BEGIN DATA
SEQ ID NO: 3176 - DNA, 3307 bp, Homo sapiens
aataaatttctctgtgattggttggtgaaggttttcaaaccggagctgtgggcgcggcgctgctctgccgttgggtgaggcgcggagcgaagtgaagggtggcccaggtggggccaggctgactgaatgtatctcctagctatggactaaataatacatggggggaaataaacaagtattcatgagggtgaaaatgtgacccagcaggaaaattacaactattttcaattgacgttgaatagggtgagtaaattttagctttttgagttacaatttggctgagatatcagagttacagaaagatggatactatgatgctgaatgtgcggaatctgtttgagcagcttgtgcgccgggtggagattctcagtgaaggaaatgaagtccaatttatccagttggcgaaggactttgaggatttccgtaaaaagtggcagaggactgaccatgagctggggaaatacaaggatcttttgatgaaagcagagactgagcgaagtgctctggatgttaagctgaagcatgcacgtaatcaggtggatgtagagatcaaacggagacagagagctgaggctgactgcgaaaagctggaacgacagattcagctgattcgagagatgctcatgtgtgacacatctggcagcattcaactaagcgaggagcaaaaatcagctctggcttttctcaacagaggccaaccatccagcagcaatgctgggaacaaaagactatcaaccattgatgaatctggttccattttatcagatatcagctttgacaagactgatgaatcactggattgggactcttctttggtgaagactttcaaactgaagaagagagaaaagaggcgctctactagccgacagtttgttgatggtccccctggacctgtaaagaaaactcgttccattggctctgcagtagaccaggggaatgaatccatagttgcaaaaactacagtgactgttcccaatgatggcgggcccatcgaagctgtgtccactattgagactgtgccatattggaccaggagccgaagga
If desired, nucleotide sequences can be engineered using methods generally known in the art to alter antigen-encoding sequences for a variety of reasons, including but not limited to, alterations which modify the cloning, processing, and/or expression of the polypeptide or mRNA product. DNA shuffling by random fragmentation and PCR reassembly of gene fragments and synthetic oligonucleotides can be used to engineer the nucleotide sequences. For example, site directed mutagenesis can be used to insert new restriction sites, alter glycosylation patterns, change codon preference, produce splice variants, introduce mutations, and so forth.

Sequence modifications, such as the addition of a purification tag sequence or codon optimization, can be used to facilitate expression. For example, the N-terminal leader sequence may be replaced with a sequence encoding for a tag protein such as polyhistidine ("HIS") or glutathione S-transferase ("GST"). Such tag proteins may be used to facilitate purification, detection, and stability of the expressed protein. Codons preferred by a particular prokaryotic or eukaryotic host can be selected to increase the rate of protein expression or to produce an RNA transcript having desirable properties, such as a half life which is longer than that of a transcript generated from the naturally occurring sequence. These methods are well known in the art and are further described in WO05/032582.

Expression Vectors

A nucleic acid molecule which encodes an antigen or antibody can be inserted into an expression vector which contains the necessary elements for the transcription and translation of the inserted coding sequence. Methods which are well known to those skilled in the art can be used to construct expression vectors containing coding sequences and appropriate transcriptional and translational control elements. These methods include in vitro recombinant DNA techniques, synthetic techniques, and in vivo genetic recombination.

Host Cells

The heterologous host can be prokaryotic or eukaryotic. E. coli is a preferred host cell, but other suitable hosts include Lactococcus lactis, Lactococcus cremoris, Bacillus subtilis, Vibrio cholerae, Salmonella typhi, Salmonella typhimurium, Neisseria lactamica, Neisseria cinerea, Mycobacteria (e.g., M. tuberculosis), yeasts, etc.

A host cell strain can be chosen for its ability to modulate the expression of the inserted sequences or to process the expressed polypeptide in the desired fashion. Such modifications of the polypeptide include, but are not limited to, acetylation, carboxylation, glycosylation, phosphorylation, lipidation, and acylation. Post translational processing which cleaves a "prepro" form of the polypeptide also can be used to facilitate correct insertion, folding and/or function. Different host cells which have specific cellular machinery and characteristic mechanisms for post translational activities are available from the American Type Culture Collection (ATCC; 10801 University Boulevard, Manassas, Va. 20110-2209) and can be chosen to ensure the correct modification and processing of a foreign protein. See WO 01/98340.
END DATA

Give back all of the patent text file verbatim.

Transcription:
SEQ ID NO: 3176 - DNA, 3307 bp, Homo sapiens
aataaatttctctgtgattggttggtgaaggttttcaaaccggagctgtgggcgcggcgctgctctgccgttgggtgaggcgcggagcgaagtgaagggtggcccaggtggggccaggctgactgaatgtatctcctagctatggactaaataatacatggggggaaataaacaagtattcatgagggtgaaaatgtgacccagcaggaaaattacaactattttcaattgacgttgaatagggtgagtaaattttagctttttgagttacaatttggctgagatatcagagttacagaaagatggatactatgatgctgaatgtgcggaatctgtttgagcagcttgtgcgccgggtggagattctcagtgaaggaaatgaagtccaatttatccagttggcgaaggactttgaggatttccgtaaaaagtggcagaggactgaccatgagctggggaaatacaaggatcttttgatgaaagcagagactgagcgaagtgctctggatgttaagctgaagcatgcacgtaatcaggtggatgtagagatcaaacggagacagagagctgaggctgactgcgaaaagctggaacgacagattcagctgattcgagagatgctcatgtgtgacacatctggcagcattcaactaagcgaggagcaaaaatcagctctggcttttctcaacagaggccaaccatccagcagcaatgctgggaacaaaagactatcaaccattgatgaatctggttccattttatcagatatcagctttgacaagactgatgaatcactggattgggactcttctttggtgaagactttcaaactgaagaagagagaaaagaggcgctctactagccgacagtttgttgatggtccccctggacctgtaaagaaaactcgttccattggctctgcagtagaccaggggaatgaatccatagttgcaaaaactacagtgactgttcccaatgatggcgggcccatcgaagctgtgtccactattgagactgtgccatattggaccaggagccgaagga
If desired, nucleotide sequences can be engineered using methods generally known in the art to alter antigen-encoding sequences for a variety of reasons, including but not limited to, alterations which modify the cloning, processing, and/or expression of the polypeptide or mRNA product. DNA shuffling by random fragmentation and PCR reassembly of gene fragments and synthetic oligonucleotides can be used to engineer the nucleotide sequences. For example, site directed mutagenesis can be used to insert new restriction sites, alter glycosylation patterns, change codon preference, produce splice variants, introduce mutations, and so forth.

Sequence modifications, such as the addition of a purification tag sequence or codon optimization, can be used to facilitate expression. For example, the N-terminal leader sequence may be replaced with a sequence encoding for a tag protein such as polyhistidine ("HIS") or glutathione S-transferase ("GST"). Such tag proteins may be used to facilitate purification, detection, and stability of the expressed protein. Codons preferred by a particular prokaryotic or eukaryotic host can be selected to increase the rate of protein expression or to produce an RNA transcript having desirable properties, such as a half life which is longer than that of a transcript generated from the naturally occurring sequence. These methods are well known in the art and are further described in WO05/032582.

Expression Vectors

A nucleic acid molecule which encodes an antigen or antibody can be inserted into an expression vector which contains the necessary elements for the transcription and translation of the inserted coding sequence. Methods which are well known to those skilled in the art can be used to construct expression vectors containing coding sequences and appropriate transcriptional and translational control elements. These methods include in vitro recombinant DNA techniques, synthetic techniques, and in vivo genetic recombination.

Host Cells

The heterologous host can be prokaryotic or eukaryotic. E. coli is a preferred host cell, but other suitable hosts include Lactococcus lactis, Lactococcus cremoris, Bacillus subtilis, Vibrio cholerae, Salmonella typhi, Salmonella typhimurium, Neisseria lactamica, Neisseria cinerea, Mycobacteria (e.g., M. tuberculosis), yeasts, etc.

A host cell strain can be chosen for its ability to modulate the expression of the inserted sequences or to process the expressed polypeptide in the desired fashion. Such modifications of the polypeptide include, but are not limited to, acetylation, carboxylation, glycosylation, phosphorylation, lipidation, and acylation. Post translational processing which cleaves a "prepro" form of the polypeptide also can be used to facilitate correct insertion, folding and/or function. Different host cells which have specific cellular machinery and characteristic mechanisms for post translational activities are available from the American Type Culture Collection (ATCC; 10801 University Boulevard, Manassas, Va. 20110-2209) and can be chosen to ensure the correct modification and processing of a foreign protein. See WO 01/98340.